There are no significant differences between the two colors, with the exception of antioxidants that are slightly higher in the black seed.
It is not necessary to soak them. Chia seeds will "open up" in your digestive system giving your body all its benefits. This false belief is due to other seeds, such as flaxseed, which need to be soaked because of their outer cover being very hard and not soluble in the digestive system.
Yes, seeds, oils, and powders have very light nutty flavors, so you can use SOW in all your preparations, regardless of whether they are salty or sweet.
No, Chia SOW maintains its nutritional properties with heat. You can add it, obtaining the gelatinous effect of the chia, to a preparation, or add it at the end to obtain a crispy and decorative effect.
Children over two years old can consume them. Pediatricians do not recommend the use of any type of nuts or seeds to children under this age because, although it is not proven, there is a risk that they can develop allergies to these foods.
Yes, children under two years can get the nutrients from the chia seeds through their oil. You can add a teaspoon of chia SOW oil to your infant food (baby food),or favorite foods.
The best way is to store them in a cool, dry place. Furthermore, if you have already opened the container, store them in a tightly closed container.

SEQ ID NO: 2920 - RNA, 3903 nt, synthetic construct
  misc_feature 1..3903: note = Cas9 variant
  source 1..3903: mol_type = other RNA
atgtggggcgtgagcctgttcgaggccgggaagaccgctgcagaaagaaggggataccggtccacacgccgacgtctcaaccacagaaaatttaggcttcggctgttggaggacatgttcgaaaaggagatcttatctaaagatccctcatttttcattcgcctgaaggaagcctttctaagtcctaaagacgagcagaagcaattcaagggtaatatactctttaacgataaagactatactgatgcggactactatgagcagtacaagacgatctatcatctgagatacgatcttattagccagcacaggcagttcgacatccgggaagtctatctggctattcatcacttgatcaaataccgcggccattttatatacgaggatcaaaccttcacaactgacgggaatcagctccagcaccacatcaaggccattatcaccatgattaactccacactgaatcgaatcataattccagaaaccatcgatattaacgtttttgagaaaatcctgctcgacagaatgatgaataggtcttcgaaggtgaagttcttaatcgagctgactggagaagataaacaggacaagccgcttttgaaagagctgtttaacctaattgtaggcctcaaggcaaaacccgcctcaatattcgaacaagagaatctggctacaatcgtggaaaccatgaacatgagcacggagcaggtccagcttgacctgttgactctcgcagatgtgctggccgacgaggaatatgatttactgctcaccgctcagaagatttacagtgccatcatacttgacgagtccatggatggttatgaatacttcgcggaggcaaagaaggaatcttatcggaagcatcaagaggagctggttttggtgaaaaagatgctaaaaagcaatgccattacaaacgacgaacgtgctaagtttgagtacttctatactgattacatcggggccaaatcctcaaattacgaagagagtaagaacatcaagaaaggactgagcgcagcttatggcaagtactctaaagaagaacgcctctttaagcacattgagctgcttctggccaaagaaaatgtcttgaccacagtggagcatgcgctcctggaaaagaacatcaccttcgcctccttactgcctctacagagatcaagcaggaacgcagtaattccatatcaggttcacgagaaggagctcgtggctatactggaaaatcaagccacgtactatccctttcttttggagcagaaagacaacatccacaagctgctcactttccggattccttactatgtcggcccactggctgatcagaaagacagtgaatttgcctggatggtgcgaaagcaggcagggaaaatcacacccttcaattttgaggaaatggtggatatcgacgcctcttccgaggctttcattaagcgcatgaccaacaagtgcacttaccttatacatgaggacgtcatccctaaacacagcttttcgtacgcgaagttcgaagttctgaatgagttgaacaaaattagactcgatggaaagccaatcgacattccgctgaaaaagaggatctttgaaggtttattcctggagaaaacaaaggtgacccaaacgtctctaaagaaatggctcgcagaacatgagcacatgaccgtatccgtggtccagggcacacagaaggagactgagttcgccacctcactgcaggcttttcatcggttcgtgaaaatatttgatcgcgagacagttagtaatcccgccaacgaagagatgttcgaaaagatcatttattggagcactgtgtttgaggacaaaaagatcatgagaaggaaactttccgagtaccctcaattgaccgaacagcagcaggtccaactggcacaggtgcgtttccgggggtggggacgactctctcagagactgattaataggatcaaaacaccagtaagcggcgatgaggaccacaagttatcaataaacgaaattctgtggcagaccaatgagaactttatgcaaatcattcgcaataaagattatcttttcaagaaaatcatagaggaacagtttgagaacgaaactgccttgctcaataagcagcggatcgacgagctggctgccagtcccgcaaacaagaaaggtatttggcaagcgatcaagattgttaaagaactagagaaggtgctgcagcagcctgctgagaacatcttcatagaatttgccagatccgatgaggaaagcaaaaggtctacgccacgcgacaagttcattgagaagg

Ideally, store them in a cool, dry, and dark place. Once the oil is opened, it should be stored in the refrigerator to increase shelf life.
Chia seeds SOW, like all foods, have calories. The recommended consumption, of two tablespoons daily, contains 93 calories. This amount is not enough to make you gain weight if you consume them as part of a healthy diet.
The minimum recommended intake of omega-3 ALA by FAO / WHO and USDA for an adult is 1.2 - 1.5 grams per day. With only a teaspoon of chia oil SOW per day you will get all the daily requirement of an adult.
It is not proven that the alpha-linolenic fatty acid (omega-3 of vegetable origin) has any interaction with other nutrients. There is also no evidence that the seed or chia oil interferes with a drug treatments. However, if you have a health concern, it is always best to consult your doctor or nutritionist.
SOW chia seeds, like all small seeds, should not be consumed by people with diverticulitis. Allergenicity tests have been performed on humans without finding that they produce allergic reactions. However, if you suffer from allergies to oilseeds, such as peanuts or nuts, you should be careful when consuming chia products.